May 27, 2011 at 3:32 pm #1274511
So today I embarked on my first MYOG project: a 2oz pack made of 1.3oz silnylon. Everything was going well until I tried to load some weight in it and the left shoulder strap ripped the back panel.
For all those MYOG people how could have this been avoided? I don't mind sewing with Silnylon (it is really slippery!) and it's pretty cheap. Should I have layered multiple layers for a backing? I tried to have as much surface area for sewing the straps on and even ran them about 5" down the pack to transfer load across a broader surface.
Other than the rip I found the project to be pretty easy, just time consuming.May 27, 2011 at 3:59 pm #1741933
@everreadyLocale: Sh!^^% Ohio
1st if all don't look at it as a failure…
Secondly, I don't know how to sew.
Thirdly, it looks like you need to add heavier/stronger material to reinforce the shoulder strap area, then attach the shoulder straps to the heavier/stronger material.May 27, 2011 at 4:15 pm #1741942
drowning in spamMember
As you can see, the tear began at a sharp corner. Smooth and widen that corner to spread that load.May 27, 2011 at 4:18 pm #1741944
I've used 200D 4 ounce/square yard nylon to reinforce
or you could use Spectra – numerous MYOG spectra pack threads
this is a good experiment – silnylon by itself probably isn't strong enough
you could probably have just doubled up on the silnylon for a few inches further out from the shoulder strap attachmentMay 27, 2011 at 5:06 pm #1741961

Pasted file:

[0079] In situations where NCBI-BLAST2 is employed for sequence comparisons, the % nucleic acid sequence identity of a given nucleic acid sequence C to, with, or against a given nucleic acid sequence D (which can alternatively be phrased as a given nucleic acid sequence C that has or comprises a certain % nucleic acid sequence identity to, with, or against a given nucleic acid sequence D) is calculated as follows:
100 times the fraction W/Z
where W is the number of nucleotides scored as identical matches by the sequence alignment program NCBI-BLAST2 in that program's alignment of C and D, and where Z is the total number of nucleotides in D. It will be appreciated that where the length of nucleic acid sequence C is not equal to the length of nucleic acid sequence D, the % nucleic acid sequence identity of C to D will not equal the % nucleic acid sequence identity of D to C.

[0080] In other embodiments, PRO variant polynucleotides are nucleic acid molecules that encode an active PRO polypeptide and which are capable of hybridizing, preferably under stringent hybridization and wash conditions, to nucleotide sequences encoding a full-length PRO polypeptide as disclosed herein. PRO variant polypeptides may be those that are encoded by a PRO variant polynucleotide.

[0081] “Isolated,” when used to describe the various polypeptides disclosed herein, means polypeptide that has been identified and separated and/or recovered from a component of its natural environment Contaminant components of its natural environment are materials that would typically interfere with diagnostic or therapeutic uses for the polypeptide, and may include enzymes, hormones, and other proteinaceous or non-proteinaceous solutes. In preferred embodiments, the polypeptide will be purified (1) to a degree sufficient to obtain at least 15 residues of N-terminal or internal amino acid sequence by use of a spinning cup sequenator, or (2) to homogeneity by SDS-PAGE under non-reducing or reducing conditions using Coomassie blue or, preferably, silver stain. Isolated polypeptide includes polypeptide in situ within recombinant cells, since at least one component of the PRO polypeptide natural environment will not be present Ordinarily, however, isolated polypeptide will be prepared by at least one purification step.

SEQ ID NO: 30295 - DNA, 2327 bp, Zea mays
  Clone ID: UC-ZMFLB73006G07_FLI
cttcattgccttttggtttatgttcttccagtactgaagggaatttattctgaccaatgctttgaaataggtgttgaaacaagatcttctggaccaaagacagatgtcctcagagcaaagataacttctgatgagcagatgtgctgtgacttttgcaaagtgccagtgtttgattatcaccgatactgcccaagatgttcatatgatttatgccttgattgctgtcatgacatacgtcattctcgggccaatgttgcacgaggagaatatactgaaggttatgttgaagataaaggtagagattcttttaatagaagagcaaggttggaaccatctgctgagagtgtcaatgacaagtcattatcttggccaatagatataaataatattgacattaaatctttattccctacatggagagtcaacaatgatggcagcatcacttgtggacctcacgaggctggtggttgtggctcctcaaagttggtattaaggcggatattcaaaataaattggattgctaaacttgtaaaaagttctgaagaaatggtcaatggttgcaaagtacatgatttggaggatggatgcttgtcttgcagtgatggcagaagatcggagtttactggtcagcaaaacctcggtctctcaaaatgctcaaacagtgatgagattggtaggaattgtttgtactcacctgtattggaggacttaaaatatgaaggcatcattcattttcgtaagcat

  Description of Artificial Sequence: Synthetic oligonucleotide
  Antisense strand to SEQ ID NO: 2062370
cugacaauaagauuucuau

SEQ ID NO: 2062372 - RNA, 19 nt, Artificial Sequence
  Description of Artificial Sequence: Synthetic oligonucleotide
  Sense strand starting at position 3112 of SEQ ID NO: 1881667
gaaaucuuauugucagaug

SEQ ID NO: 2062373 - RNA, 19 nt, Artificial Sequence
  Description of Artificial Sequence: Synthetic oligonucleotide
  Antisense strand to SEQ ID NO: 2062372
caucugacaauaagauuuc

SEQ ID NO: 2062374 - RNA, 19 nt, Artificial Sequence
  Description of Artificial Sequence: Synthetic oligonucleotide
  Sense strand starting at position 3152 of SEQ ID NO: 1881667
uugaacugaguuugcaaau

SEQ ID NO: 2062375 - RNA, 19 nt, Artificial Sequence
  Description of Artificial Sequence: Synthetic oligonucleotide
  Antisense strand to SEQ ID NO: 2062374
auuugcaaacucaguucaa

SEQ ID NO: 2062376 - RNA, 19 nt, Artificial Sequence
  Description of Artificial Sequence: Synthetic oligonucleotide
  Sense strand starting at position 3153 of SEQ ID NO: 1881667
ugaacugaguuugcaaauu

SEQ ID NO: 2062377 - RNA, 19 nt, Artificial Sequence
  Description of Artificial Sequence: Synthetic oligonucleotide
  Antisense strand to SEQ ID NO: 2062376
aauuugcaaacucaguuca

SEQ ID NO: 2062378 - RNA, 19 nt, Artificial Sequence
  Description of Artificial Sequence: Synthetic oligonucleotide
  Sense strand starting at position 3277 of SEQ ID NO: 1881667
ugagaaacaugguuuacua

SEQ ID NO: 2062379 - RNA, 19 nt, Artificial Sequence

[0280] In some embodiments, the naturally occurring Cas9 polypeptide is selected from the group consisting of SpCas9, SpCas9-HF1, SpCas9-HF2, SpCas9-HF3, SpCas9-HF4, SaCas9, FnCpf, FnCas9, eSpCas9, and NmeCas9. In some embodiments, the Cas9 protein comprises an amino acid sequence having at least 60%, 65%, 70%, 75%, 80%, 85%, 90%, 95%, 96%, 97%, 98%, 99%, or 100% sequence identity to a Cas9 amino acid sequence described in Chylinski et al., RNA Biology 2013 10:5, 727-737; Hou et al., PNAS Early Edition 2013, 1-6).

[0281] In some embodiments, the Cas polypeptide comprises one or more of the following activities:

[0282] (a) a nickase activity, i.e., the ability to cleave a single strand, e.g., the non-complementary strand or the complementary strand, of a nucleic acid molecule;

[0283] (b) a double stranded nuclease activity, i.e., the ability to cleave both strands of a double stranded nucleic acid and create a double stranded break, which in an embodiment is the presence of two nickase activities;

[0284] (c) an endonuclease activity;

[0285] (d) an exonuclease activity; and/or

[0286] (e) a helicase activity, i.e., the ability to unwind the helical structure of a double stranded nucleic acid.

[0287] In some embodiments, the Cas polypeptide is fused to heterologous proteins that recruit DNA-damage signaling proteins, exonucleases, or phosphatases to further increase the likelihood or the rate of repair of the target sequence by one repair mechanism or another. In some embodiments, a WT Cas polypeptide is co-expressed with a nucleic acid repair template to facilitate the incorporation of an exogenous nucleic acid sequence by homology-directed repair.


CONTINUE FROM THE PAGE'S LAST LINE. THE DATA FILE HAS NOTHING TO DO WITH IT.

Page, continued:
@cyanideLocale: Red Deer, Alberta, Canada
…but I am wondering if this is the sibling to the "peel effect" in gluing and welding. It seems that as the strap was being pulled away from the the pack, all the opposing loads/forces were concentrated onto the final row of stitching. No load distribution across all the stitching was achieved. You could have stitched all up and down the strap attachment site and the only stitches to ever get loaded were the last row.
Distributing the force/load over a wider area of stitch might help. I am wondering whether a "T" attachment point might distribute better (to clarify what I mean, you used an "L" attachment where the bottom of the "L" is what was sewn to the pack. To use a "T" you would have two flaps of material to sew to the pack).
Just some ideas from someone who has no idea what he is talking about.
JohnMay 27, 2011 at 5:29 pm #1741969
That's what I was thinking after the fact. I think next time though I'll use a thicker material on the backpanel until I figure out what a better method is for attaching straps.
Just for fun I tried to rip off the other strap to see if it was just dumb luck that caused the other strap to rip off but I held just fine after some strong pulling. Although it was an unfair test since I was pulling perpendicular to the seam.May 27, 2011 at 8:28 pm #1742021
@scfhomeLocale: Chocorua NH, USA
Making a silnylon tent fly recently, I simply used additonal pieces of silnylon laminated at stress points. The result was very satisfactory – much stronger than anything else in the same weight range that I could have imagined; and although I used a roller, I did not use clamps or weights.